The conductivity of groundwater impacts the resistivity readings seen in the field. Below is a map of TDS data from existing LWI wells. The existing well at Las Mesitas had one of the lower conductivity readings indicating significant freshwater recharge at this location. The Las Mesitas well log is shown below. Geologically the well is located in alluvial gravel deposits along the Rio Gallo. The well location is upstream of a northeast-trending line of hills. The absence of tuffs in the drill log suggests faulting associated with the line of hills. Thick gravel accumulation in the well log suggests a gravelly terrace deposit created by the restricted flow and reduced stream gradient, “damming” the Rio El Gallo with a high gravel load from the higher topography to the north. This would create an area of high freshwater recharge above the bedrock.

At El Camito, the resistivity line is in an area of gently rolling hills with exposed bedrock near streams, suggesting a dissected colluvial deposit. The colluvial deposit could collect shallow fresh water and create conductivities in groundwater in the lower range.
At Los Balcanes the resistivity line is in an area with exposed bedrock at several locations and not crossing any streams. The conductivity of groundwater at Los Balcanes would be higher due to more rapid runoff and slower flow rates through the bedrock aquifer.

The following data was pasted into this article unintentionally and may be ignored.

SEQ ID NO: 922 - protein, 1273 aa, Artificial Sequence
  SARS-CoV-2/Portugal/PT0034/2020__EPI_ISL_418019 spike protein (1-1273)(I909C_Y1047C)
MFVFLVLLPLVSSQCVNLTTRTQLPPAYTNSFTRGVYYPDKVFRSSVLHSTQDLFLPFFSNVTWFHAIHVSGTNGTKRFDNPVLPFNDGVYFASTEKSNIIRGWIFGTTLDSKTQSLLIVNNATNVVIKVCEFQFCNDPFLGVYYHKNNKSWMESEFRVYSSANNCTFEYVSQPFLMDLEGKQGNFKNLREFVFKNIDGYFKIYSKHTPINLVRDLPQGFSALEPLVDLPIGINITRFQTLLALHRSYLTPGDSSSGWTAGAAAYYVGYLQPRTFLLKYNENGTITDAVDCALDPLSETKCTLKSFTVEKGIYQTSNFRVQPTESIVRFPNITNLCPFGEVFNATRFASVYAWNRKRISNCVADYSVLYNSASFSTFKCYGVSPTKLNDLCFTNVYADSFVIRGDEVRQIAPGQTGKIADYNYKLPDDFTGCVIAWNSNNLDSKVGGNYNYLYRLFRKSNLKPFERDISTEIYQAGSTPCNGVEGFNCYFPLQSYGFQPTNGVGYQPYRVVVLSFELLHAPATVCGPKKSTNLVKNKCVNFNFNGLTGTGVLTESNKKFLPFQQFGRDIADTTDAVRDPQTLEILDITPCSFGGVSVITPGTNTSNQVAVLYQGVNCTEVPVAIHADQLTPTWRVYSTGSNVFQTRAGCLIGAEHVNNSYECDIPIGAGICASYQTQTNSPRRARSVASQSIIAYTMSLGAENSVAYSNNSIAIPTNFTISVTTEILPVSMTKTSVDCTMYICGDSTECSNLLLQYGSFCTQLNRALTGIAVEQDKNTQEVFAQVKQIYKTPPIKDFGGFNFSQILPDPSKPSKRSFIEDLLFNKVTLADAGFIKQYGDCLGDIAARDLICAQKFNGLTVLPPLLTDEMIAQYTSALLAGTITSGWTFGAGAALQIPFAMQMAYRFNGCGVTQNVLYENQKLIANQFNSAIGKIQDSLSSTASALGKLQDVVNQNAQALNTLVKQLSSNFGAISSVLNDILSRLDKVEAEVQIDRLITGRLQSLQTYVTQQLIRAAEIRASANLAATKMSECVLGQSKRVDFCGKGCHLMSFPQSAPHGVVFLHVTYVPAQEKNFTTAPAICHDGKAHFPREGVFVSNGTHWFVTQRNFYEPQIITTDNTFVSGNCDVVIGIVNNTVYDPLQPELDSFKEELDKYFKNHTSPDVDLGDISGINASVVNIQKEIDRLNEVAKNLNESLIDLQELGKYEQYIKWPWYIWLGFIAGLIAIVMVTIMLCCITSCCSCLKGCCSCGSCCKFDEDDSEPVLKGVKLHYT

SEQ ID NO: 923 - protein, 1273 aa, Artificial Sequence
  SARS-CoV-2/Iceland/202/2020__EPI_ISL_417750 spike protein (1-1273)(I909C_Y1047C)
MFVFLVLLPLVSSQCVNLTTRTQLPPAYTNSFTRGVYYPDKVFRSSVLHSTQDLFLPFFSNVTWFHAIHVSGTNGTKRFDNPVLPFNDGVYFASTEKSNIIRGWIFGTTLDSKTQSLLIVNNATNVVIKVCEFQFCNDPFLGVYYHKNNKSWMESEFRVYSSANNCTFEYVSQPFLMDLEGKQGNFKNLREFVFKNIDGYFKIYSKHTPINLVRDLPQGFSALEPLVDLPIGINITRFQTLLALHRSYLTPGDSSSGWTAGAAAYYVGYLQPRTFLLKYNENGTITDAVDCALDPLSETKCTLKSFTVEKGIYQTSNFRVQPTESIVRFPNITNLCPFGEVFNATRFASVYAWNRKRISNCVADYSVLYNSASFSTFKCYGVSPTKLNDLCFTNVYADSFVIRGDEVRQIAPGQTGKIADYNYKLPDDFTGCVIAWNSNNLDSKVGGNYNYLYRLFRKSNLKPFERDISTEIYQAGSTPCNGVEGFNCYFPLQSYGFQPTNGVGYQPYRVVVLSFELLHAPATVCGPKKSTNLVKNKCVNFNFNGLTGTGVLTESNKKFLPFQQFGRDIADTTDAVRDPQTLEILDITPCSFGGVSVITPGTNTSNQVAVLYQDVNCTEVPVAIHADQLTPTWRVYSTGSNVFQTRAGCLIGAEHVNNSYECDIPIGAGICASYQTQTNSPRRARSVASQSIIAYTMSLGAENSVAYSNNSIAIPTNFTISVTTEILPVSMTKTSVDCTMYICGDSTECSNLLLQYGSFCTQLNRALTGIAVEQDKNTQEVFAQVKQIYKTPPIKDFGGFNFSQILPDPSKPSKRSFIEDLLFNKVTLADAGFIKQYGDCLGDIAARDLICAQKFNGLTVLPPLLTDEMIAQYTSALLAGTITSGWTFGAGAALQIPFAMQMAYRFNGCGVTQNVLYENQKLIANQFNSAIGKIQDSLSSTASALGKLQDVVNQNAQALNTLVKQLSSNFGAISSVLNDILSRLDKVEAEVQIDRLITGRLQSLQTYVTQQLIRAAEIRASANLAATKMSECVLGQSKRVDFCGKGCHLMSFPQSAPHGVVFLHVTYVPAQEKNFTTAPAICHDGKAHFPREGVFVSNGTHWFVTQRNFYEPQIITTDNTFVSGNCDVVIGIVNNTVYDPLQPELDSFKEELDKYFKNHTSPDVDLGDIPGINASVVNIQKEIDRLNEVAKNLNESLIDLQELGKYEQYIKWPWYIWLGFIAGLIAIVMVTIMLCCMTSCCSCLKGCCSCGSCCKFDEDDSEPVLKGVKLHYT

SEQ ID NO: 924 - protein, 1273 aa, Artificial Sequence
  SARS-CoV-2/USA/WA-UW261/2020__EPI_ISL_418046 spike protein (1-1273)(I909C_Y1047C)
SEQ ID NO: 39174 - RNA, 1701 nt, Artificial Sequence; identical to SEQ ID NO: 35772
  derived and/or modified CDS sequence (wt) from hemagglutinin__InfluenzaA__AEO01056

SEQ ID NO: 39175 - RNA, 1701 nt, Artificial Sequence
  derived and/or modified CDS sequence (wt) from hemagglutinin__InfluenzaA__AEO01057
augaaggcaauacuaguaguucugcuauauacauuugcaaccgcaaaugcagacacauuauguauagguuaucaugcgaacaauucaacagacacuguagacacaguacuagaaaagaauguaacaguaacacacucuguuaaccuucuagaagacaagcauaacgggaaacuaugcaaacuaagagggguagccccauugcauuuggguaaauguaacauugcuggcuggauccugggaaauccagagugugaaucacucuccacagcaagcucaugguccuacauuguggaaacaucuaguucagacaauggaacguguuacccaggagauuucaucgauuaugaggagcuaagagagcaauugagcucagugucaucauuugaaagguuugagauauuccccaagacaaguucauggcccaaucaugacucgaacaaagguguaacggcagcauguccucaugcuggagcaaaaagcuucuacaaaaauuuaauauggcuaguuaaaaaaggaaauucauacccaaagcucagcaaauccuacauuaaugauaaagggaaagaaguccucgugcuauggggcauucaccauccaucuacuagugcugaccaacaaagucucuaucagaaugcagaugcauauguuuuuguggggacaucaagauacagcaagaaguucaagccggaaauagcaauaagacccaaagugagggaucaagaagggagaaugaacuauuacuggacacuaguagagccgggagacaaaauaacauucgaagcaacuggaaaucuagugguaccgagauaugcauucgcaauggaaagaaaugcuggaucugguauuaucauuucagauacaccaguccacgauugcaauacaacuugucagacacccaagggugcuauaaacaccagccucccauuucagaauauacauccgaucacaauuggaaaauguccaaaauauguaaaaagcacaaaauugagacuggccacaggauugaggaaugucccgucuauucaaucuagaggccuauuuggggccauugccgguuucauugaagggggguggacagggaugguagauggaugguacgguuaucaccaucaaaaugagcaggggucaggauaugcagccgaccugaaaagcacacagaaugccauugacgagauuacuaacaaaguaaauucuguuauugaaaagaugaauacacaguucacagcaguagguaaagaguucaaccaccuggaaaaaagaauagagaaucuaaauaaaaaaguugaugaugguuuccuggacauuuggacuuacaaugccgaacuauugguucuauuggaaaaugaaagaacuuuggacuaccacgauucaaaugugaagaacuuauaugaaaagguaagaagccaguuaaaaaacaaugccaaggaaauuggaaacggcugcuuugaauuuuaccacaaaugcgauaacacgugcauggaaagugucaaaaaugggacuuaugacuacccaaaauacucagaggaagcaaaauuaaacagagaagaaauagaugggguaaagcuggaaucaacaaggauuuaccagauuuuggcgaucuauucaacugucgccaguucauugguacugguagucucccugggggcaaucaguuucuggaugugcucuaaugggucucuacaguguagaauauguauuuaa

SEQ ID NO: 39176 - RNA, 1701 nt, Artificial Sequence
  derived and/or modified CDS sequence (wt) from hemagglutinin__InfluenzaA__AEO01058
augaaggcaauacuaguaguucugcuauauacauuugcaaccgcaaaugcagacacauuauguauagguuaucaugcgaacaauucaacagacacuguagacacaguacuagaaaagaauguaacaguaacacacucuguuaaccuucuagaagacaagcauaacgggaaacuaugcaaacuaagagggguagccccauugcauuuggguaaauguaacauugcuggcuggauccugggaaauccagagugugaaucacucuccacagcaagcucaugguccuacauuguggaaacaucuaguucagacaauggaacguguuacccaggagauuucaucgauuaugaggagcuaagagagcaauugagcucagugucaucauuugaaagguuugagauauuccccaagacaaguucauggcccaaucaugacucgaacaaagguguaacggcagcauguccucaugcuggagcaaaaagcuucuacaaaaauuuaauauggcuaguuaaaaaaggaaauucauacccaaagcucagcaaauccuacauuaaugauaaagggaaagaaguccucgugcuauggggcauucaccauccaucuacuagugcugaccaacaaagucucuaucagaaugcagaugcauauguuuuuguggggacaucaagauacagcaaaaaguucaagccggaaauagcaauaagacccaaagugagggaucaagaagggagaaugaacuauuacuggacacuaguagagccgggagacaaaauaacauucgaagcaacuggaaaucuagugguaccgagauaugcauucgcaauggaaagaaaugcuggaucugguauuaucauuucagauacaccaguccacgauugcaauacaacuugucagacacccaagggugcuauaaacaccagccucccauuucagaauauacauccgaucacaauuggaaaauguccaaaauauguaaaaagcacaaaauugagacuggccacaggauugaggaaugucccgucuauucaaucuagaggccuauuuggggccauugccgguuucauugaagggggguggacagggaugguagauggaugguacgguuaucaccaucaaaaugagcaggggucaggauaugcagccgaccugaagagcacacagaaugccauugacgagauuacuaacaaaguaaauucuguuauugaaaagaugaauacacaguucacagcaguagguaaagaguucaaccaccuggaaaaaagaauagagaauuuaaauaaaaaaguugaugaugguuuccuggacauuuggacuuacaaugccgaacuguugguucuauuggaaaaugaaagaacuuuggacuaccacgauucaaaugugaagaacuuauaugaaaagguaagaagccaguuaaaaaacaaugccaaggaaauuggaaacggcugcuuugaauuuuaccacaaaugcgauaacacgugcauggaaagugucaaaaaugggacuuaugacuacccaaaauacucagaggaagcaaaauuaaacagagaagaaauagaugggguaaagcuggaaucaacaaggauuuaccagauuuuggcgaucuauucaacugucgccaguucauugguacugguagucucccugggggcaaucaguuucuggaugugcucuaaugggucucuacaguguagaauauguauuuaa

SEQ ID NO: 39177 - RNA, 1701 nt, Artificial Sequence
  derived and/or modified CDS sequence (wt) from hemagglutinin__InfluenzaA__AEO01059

Resistivity Surveys

Las Mesitas, Dec 5, 2022. Weather low 90’s and dry. Ground hard.
The plan was to run a test VES (250 m) survey near a known well (N13.089444, W86.850556). This would provide a correlation between readings at a known water point, helping to determine what the resistivity of water looks like in the area. The resistivity reading at the depth of the water was 138 ohms/m. This means that we should expect the resistivity of the freshwater to be between 80 and 140 ohms/m. The actual readings could be somewhat outside of that range.

Resistivity survey screenshot at Las Mesitas

Las Mesitas resistivity survey


Las Mesitas resistivity model

Las Mesitas resistivity survey